The Far Right are easier to deal with: they don’t bother to cover their offence with a pretence that they are “really” talking about Israel or that they “care” about the poor benighted Palestinians. They just hate Jews and believe that Jews are the cause of all the problems in the world…along with ethnic minorities, Muslims, and, probably, namby-pamby pinkoes like me, to say nothing of liberated and annoying women. Further, many of those on the Far Right attempting to gain office via the ballot box have previous convictions for violence. If elected, they rarely get re-elected.
Even if they are not obviously seeking office via the ballot box (the putsch, coup or revolution might be their preferred means), they often cannot resist old-fashioned (as opposed to at least superficially disguised) methods to attack their favourite target. Thus the likes of Joshua Bonehill-Paine (what a wonderfully descriptive surname!) makes his views exceedingly well known. He was one of the prime movers behind efforts to “picket” Golders Green, London, home to many Jews, both secular and ultra-orthodox and everything in between. He not only failed, but he was banned from the area for his pains.
There are many other examples. Thus, the Jewish MP for Liverpool Wavertree, Luciana Berger, was targeted by an antisemite, who has just appeared in court. As the evidence is clear (he didn’t disguise himself with a fake email address), the likelihood of a guilty verdict is high. What the sentence will be is another matter.
All this is bad enough (and there are Conservative MPs who might find Bonehill-Paine’s views quite acceptable, although they would probably be much more discreet, even subtle, about it – and there aren’t too many of them these days), but, leaving the Conservatives aside, for the moment, it doesn’t end there. Even centrist parties can’t always avoid the trap of easy answers to difficult questions. Fortunately, some of the guilty ones in the Liberal Democratic Party lost their seats in the debacle (for them) of the 2015 General Election. Sadly, Peers (i.e. members of the House of Lords) don’t stand for election, at least not those who are Life Peers (Peerages which die with those who bear them). The most obvious offender among the Life Peers is the exceedingly unlovely Lady “Jihad” Jenny Tonge. She is a repeat offender and has, at least once, been suspended from the Party in the House of Lords as a direct result of her antisemitic comments.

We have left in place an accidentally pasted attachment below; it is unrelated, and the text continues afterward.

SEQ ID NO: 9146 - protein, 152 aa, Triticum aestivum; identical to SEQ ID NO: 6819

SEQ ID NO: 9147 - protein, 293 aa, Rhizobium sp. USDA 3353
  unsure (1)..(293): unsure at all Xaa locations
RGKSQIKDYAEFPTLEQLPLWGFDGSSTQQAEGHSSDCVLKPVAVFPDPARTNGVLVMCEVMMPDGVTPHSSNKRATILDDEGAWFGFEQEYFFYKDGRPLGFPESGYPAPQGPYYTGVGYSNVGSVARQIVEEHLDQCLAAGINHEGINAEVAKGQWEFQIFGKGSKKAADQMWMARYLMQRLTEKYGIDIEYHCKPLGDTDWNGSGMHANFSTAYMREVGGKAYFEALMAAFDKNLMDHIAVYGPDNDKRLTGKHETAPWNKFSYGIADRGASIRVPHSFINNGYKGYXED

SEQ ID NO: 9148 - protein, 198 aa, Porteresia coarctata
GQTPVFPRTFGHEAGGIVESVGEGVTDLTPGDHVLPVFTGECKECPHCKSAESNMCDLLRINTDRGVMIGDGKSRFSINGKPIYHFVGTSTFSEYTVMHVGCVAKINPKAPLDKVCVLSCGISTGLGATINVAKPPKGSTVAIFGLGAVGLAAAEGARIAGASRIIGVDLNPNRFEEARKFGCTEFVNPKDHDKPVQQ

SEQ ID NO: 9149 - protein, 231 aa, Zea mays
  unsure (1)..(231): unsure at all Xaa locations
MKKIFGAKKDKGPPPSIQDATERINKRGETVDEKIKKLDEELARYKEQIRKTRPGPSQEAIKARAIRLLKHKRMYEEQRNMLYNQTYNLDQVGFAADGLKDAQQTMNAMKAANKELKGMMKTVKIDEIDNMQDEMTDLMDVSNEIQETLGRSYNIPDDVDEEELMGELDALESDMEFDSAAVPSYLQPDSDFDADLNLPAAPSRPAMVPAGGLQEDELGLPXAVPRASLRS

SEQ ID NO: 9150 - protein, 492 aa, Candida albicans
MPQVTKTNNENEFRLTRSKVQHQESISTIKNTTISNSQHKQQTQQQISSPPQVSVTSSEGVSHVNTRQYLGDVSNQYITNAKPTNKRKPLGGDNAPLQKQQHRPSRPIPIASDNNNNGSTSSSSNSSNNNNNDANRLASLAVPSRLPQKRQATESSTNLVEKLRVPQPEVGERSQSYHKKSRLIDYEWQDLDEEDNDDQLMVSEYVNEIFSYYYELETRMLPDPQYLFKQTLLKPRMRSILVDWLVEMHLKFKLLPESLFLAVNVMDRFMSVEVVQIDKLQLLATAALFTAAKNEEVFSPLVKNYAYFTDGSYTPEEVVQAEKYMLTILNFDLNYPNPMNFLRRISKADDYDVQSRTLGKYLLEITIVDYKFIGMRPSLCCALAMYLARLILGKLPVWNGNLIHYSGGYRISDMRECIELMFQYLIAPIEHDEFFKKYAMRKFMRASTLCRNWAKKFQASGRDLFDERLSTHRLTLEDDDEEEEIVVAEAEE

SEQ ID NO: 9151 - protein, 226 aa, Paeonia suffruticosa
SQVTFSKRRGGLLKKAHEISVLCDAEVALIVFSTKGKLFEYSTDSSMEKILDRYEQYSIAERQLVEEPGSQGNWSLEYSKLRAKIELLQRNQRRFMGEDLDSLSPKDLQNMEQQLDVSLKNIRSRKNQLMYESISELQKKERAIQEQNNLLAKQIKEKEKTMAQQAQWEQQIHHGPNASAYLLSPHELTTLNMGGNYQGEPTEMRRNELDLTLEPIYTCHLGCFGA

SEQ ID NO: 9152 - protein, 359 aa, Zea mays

She’s at it again. She is reported as follows:
A British lawmaker who said Israel would eventually disappear accused the Jewish state of being a major cause in the rise of jihadism worldwide.
Just consider that for a moment: Israel is responsible for ISIS, Al Qaeda, et al, just because Israel is. Is it possible to interpret this as anything other than antisemitism? If you think so, please argue the case below. She went on to say
“The treatment of the Palestinians by Israel is a major cause of the rise of extreme Islamism and Daesh,” Tonge said, using the Arabic acronym for the Islamic State terrorist organization. She said Israel was provoking a generation of violent extremists who would have “a justified grudge” against Israel and Britain.
Quite how Britain gets involved in this is unclear. But since when did antisemites need to make sense?
At least the Board of Deputies hit back:
Board of Deputies Vice President Marie van der Zyl in a statement said it was “another outrageous speech” by Tonge on the Middle East.
“It is time for Liberal Democrat Leader Tim Farron to expel her once and for all from the party,” the statement said.
I also noticed that the Leader of the Lib Dems in the House of Commons (Tim Farron, MP) said that he would consider the situation when he received complaints. The Board of Deputies and the sources I’ve cited aren’t enough? What does he want? Tonge’s confession? Sounds like he would prefer not to act.
All this said, is the situation as bad as the stories I’ve told suggest? No!